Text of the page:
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wailful

[weyl-fuh l]
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adjective
  1. mournful; plaintive.

Origin of wailful

First recorded in 1535–45; wail + -ful
Related formswail·ful·ly, adverb
Dictionary.com Unabridged Based on the Random House Unabridged Dictionary, © Random House, Inc. 2018

Examples from the Web for wailful

Historical Examples

  • From behind his wailful voice the gentle knocking was heard running on.

    Little Novels of Italy

    Maurice Henry Hewlett

  • Mr. Durance had prophesied a wailful end ever to the carol of Optimists!

  • A wailful host were the wives of his raftsmen widowed there by her watery music!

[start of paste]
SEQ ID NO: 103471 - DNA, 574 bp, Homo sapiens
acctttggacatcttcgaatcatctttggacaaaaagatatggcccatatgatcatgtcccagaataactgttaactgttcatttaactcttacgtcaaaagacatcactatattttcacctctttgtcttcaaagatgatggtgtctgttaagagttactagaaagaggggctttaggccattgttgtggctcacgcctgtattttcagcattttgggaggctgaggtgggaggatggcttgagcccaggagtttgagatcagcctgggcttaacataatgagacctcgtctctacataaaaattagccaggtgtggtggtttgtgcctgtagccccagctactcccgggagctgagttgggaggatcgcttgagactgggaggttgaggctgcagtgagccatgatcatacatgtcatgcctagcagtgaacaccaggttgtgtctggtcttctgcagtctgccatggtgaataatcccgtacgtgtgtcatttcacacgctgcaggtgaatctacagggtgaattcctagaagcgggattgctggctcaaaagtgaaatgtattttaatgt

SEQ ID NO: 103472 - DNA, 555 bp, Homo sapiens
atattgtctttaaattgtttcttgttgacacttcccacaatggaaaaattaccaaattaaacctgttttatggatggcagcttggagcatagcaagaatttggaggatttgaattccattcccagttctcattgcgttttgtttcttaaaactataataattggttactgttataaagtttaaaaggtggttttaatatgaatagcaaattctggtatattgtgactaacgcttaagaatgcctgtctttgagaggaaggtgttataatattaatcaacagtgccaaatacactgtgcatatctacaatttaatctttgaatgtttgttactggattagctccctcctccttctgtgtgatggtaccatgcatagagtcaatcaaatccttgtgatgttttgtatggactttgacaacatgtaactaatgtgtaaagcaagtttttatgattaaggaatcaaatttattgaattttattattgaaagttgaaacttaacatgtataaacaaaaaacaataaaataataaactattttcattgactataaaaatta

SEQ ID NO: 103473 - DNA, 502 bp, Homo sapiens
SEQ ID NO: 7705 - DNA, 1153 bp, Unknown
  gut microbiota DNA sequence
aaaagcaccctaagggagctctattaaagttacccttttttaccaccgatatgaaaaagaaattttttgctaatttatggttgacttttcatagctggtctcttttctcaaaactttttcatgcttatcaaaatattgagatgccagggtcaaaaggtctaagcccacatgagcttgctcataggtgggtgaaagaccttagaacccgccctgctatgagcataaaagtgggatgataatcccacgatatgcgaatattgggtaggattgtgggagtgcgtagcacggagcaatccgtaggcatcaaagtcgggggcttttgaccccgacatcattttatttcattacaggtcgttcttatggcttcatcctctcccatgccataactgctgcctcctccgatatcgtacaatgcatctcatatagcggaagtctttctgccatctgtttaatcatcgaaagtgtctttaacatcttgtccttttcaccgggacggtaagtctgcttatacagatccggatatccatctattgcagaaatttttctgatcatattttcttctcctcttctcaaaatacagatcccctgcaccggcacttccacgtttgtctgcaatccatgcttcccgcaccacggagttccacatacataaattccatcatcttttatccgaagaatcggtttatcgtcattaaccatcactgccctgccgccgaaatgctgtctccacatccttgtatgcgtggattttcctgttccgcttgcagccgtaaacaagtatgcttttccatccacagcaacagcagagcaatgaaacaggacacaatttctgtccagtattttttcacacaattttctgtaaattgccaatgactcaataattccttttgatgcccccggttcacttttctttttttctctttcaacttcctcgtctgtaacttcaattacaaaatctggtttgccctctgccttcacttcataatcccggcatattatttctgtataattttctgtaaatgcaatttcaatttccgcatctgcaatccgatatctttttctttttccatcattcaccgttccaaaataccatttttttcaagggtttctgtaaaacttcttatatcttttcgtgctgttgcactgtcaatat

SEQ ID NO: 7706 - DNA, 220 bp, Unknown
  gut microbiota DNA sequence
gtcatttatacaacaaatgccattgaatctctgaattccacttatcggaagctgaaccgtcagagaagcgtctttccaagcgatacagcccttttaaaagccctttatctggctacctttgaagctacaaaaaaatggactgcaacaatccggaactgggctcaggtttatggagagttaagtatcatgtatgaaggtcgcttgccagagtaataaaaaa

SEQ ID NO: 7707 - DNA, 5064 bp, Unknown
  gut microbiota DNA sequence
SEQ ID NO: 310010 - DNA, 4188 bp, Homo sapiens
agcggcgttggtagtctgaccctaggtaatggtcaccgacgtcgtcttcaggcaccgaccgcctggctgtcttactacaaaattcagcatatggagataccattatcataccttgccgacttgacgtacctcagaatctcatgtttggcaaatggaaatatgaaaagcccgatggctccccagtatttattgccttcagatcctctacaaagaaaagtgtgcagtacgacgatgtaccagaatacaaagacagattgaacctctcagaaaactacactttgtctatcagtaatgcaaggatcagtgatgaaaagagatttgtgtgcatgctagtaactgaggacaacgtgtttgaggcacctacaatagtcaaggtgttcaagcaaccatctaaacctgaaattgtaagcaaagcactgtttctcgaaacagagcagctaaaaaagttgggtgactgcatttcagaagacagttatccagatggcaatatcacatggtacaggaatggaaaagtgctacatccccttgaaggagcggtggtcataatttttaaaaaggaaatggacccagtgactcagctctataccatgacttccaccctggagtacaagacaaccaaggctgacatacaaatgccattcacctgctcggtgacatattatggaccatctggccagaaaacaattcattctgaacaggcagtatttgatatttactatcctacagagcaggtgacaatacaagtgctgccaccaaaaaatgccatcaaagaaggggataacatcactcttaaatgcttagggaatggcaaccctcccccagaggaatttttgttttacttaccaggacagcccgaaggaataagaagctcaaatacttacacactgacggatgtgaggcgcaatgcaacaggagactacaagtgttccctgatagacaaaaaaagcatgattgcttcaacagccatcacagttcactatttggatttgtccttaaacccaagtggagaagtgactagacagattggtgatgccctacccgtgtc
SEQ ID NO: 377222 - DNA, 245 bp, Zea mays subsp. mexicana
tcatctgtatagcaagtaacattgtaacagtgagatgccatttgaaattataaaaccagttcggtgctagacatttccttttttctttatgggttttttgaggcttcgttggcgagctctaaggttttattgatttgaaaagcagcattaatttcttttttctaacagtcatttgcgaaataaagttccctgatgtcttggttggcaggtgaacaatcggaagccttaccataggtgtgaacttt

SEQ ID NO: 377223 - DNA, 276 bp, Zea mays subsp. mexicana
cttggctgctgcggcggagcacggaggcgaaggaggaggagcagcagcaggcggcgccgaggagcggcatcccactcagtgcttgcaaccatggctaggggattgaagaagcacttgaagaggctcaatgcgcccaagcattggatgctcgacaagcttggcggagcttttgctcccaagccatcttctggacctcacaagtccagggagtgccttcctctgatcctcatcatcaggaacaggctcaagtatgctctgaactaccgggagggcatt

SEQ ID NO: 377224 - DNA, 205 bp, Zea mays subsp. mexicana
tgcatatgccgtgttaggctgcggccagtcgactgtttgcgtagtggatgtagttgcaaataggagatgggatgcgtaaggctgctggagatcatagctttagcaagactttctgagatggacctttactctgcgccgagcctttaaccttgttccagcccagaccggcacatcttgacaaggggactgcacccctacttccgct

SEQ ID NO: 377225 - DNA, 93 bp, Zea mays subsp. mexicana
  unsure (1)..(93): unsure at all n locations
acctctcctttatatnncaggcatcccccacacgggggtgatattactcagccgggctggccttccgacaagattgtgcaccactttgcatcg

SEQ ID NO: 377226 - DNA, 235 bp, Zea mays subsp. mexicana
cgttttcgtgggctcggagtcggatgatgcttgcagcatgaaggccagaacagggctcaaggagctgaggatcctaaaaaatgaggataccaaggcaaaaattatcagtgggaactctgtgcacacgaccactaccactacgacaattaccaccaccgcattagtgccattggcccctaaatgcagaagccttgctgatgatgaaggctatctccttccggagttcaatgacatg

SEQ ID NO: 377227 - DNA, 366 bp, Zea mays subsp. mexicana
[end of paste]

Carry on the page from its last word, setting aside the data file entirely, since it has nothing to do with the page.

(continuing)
• He suggested that the poems, if the few lines he had seen made a fair sample, were rather of the wailful order.

    Thomas Wingfold, Curate

    George MacDonald

  • The battle was ending without even the poor pomp and circumstance of torn banners and wailful music.

    Thomas Wingfold, Curate

    George MacDonald


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